Tributary of the Congeratinga River, 1 km east from Second Valley
2011 Aquatic Ecosystem Condition Report
- Dry in autumn and spring 2011
- Likely to be enriched with nutrients when wet due to the extent of grazing in the catchment
- Riparian vegetation consists of introduced grasses and weeds
- Bank erosion and fine sediments characterise this ephemeral watercourse
About the location
Tributary of Congeratinga Creek is a small stream in the Southern Mount Lofty Ranges that rises east from Second Valley and flows north for a few hundred metres before discharging into Congeratinga Creek. The monitoring site was located upstream from ‘Stoney Creek’ off Main South Road, about 1 km east from Second Valley. The major land uses in the 69 hectare catchment are stock grazing and cropping, with minor areas used for roads and remnant native vegetation.
The creek was given a Very Poor rating because the site sampled showed evidence of major changes to both the animal and plant life inhabiting the stream, and a significant breakdown in the way the ecosystem functions. There was considerable evidence of human disturbance including severely degraded riparian habitats and bank erosion due to cattle damage.
The sediments were dominated by sand, clay and detritus, with cobble, gravel and silt also present. Samples taken from below the surface were grey in colour and showed no evidence that the sediments were anaerobic and lacked oxygen. Over 10 m of bank erosion was recorded during both surveys, attributed to cattle damage caused by stock accessing the bed of the stream.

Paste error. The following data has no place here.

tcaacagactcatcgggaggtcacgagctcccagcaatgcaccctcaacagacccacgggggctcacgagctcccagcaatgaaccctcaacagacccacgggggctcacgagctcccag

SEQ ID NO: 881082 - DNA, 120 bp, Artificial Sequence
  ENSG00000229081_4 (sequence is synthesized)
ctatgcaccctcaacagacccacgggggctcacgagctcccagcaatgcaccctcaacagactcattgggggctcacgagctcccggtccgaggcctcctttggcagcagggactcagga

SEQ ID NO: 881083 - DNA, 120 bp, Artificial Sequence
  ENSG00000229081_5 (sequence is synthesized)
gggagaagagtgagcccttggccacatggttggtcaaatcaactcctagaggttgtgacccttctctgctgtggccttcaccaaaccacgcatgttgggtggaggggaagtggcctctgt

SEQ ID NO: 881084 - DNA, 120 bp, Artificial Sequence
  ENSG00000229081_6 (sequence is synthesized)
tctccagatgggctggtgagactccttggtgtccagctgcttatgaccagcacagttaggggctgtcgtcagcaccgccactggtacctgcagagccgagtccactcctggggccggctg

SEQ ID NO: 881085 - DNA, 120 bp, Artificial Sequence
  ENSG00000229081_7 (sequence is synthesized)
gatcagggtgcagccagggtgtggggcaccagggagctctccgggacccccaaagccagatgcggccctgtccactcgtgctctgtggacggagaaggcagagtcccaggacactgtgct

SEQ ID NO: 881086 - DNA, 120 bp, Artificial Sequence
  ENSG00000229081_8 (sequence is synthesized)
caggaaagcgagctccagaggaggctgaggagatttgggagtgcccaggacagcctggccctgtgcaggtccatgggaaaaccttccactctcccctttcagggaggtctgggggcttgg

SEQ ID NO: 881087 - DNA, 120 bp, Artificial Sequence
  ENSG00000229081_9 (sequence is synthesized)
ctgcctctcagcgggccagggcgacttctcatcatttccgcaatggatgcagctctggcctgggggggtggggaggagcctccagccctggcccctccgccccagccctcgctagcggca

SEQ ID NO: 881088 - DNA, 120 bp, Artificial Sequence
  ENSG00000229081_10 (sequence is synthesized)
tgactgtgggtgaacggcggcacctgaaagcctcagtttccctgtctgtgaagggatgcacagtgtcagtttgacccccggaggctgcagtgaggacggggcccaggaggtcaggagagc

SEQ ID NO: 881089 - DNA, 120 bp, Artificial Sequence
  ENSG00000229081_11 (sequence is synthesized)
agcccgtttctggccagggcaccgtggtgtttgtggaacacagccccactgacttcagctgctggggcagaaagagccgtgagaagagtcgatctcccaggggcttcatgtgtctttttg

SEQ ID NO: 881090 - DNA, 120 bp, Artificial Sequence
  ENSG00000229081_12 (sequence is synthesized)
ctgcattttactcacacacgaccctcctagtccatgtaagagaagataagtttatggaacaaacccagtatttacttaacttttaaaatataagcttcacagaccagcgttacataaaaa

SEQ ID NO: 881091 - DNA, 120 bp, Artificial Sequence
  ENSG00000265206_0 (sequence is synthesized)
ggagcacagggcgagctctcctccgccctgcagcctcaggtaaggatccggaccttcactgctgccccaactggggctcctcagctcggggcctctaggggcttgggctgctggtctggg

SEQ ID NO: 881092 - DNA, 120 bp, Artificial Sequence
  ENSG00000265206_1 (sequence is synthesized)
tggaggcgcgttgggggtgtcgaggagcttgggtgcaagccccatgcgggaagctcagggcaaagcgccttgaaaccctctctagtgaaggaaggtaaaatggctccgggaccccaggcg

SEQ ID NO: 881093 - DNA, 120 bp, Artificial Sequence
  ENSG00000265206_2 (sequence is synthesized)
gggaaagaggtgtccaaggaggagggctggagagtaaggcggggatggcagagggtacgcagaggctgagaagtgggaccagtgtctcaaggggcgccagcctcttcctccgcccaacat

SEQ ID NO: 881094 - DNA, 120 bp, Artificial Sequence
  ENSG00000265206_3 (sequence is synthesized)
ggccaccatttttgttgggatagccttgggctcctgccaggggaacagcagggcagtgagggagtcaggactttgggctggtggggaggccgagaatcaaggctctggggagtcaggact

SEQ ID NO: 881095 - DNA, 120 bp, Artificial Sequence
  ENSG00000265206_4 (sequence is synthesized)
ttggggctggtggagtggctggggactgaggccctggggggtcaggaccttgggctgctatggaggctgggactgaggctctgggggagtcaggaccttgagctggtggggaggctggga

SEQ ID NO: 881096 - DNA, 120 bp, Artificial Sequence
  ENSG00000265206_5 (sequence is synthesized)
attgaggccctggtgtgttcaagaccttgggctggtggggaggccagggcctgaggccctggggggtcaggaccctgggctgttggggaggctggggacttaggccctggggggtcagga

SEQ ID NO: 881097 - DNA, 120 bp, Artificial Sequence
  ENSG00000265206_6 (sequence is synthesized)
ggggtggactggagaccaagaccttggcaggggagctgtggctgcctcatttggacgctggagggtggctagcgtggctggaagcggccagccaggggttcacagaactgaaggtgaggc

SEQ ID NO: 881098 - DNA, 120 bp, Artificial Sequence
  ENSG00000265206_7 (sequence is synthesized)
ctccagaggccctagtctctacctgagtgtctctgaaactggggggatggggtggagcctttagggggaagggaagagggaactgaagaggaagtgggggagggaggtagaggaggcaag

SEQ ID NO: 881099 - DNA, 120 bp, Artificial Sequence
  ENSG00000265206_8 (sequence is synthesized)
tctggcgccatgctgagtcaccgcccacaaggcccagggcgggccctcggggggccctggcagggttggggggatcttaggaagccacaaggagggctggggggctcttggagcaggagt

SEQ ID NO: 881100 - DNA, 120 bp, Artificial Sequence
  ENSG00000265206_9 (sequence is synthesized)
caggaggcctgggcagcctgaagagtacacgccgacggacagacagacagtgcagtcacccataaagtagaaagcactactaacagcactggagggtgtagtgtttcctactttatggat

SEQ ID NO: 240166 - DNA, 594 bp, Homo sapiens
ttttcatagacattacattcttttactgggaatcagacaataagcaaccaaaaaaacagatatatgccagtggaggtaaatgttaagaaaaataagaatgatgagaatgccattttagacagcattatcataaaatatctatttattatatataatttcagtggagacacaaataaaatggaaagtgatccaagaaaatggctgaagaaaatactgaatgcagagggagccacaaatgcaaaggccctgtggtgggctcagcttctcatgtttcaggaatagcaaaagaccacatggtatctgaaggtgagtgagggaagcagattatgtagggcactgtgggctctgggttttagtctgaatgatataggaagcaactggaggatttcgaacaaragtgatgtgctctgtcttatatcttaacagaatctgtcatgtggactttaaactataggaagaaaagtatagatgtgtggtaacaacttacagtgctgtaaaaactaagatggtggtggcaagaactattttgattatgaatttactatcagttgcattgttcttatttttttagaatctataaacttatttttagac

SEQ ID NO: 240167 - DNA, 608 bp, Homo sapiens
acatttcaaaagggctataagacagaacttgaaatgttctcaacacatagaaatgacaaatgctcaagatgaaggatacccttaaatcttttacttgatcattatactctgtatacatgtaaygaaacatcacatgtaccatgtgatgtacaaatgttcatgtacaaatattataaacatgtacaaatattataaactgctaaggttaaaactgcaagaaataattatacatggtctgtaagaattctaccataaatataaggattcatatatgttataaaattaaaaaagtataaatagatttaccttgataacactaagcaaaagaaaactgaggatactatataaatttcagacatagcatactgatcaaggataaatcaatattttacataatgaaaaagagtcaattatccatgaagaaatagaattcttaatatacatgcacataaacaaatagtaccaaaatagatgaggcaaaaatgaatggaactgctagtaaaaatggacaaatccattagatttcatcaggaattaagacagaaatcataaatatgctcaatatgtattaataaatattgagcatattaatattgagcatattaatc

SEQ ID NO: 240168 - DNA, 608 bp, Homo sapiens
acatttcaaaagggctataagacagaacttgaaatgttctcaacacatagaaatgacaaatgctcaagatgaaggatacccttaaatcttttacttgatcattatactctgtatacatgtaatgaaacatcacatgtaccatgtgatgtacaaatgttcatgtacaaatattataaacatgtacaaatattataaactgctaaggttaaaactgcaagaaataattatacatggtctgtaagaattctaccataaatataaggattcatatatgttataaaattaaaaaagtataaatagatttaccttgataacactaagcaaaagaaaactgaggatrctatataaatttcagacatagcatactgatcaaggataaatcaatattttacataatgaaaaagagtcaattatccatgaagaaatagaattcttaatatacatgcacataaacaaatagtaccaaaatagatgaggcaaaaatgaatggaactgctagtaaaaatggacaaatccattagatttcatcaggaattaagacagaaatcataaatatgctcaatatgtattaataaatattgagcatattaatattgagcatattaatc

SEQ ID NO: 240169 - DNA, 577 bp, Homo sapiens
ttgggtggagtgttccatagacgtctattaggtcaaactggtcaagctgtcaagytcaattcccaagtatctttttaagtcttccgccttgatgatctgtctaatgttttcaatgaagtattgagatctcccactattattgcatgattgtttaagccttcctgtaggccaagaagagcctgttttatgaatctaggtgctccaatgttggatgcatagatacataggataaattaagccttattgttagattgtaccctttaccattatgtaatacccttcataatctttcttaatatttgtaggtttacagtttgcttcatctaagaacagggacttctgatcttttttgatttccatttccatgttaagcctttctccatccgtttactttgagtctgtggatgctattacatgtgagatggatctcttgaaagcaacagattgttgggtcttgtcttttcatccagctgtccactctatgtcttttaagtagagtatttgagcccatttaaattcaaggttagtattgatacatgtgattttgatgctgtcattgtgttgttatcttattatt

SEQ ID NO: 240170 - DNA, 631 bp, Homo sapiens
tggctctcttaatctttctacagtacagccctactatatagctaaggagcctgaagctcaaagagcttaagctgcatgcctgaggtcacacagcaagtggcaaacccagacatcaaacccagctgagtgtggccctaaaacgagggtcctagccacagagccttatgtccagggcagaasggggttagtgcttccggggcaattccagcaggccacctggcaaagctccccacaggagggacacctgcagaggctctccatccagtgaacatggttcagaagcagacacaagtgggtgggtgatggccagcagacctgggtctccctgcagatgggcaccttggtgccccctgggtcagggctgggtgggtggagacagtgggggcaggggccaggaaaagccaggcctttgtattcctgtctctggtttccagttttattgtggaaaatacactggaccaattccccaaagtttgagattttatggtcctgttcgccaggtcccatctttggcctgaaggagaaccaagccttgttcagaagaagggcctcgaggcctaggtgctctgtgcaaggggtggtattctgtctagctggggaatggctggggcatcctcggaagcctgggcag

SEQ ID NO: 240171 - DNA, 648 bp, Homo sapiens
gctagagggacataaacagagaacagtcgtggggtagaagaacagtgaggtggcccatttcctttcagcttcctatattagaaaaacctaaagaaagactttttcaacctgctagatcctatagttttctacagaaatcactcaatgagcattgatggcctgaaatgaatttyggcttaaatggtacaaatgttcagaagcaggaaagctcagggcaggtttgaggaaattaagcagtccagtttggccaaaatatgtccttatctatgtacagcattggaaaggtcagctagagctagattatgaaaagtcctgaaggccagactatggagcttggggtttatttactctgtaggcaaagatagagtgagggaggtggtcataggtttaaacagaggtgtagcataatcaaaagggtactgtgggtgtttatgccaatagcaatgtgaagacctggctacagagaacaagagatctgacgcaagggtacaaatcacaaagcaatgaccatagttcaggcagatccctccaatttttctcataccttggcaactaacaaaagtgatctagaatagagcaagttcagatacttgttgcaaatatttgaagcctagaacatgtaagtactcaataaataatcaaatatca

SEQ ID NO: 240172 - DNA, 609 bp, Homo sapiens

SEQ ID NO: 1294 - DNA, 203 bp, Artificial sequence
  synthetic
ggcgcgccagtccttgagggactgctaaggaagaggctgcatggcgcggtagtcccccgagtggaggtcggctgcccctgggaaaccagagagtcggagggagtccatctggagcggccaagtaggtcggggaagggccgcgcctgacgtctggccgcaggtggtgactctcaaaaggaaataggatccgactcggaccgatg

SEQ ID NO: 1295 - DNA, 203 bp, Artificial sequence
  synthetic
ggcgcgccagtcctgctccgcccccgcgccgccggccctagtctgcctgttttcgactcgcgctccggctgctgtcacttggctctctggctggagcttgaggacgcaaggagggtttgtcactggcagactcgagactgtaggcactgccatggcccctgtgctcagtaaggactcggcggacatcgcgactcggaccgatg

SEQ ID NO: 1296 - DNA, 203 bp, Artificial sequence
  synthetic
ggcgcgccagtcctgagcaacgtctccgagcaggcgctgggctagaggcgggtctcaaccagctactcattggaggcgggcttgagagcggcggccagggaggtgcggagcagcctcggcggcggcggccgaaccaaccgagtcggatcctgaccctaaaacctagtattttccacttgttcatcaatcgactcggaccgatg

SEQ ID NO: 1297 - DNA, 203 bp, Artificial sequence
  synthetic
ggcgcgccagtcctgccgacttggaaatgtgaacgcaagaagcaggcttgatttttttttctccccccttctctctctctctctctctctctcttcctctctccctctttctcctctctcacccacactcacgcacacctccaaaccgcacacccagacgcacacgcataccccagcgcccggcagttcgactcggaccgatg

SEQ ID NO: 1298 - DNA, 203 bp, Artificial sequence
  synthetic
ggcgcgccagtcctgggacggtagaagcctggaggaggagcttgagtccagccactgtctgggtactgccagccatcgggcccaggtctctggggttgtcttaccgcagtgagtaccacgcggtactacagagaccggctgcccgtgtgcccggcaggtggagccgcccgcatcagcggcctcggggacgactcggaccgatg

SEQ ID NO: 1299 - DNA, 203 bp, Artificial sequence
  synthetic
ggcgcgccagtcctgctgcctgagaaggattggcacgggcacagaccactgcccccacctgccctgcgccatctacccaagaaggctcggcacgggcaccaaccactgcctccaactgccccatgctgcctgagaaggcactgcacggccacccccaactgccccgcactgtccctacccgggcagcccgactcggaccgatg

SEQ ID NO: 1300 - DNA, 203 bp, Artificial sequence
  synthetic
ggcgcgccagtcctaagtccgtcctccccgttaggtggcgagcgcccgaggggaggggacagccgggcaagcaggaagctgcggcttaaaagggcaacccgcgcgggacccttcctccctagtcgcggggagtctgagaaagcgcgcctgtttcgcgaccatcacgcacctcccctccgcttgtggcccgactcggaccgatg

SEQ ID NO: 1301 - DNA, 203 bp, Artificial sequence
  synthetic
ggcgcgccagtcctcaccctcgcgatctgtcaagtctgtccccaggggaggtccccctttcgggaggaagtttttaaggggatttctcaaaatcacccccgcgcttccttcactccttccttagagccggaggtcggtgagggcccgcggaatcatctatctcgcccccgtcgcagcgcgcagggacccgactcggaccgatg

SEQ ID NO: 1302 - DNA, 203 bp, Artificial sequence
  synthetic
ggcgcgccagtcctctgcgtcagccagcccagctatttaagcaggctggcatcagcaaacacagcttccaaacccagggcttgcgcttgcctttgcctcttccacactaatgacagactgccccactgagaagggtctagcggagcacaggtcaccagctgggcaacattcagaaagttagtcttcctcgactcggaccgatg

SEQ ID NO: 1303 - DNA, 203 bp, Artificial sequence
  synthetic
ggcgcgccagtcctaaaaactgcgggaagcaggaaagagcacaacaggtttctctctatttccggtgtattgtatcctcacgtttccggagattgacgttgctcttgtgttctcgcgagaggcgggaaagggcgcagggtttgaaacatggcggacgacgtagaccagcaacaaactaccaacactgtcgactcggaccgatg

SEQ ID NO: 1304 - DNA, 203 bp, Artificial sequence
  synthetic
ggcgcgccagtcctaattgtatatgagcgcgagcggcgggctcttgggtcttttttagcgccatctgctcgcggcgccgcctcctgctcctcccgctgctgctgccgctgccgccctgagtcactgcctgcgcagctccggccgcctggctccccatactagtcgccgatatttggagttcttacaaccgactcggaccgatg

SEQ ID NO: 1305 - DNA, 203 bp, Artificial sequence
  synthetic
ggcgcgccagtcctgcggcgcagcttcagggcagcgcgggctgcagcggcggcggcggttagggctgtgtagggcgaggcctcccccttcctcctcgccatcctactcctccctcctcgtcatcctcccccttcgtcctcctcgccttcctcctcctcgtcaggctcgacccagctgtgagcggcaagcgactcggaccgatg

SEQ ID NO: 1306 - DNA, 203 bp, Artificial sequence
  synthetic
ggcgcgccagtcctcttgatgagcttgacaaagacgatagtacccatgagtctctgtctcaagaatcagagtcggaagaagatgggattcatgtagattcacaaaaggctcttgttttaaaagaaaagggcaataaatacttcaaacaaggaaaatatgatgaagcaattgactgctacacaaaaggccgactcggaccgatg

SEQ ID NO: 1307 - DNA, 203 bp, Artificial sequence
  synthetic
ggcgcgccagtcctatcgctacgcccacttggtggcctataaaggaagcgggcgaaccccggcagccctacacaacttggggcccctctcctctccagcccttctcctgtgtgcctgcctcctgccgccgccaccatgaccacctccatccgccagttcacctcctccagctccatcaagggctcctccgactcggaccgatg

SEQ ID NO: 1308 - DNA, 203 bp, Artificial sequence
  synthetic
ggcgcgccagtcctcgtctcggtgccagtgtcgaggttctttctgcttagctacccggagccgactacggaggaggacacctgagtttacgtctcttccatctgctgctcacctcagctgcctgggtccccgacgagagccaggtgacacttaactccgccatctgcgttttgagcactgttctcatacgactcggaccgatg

A small growth of rushes (Juncus) was the only type of aquatic plant recorded from the site. The very narrow riparian zone consisted of introduced grasses and weeds, with no trees or shrubs remaining along the creekline. The surrounding vegetation was cleared grazing land with no trees visible in the local landscape.
Special environmental features
Pressures and management responses
|Livestock having direct access at the site and upstream (causing sediment erosion and adding excessive nutrients).||The Adelaide and Mount Lofty Ranges NRM Board’s land management program encourages and promotes managing land to improve water quality. This includes incentives for waterway and wetland fencing to exclude or limit stock from entering riparian zones.|
|Widespread introduced weeds in the riparian zone at the site and upstream (reducing habitat quality).||The Adelaide and Mount Lofty Ranges NRM Board has several pest plant (weed) mitigation and control programs. They work closely with landholders to control weeds on their property and to help stop the spread to other properties and waterways.|
|Limited riparian zone vegetation at the creek and upstream (reducing habitat quality, increasing sediment erosion).||The Adelaide and Mount Lofty Ranges NRM Board’s land management program encourages and promotes managing land to improve water quality. This includes incentives for revegetation programs around waterways and wetlands and stock exclusion as well as educating landholders about the importance of riparian vegetation in managing soil erosion.|
This aquatic ecosystem condition report is based on monitoring data collected by the EPA. It was prepared with and co-funded by the Adelaide and Mount Lofty Ranges NRM Board.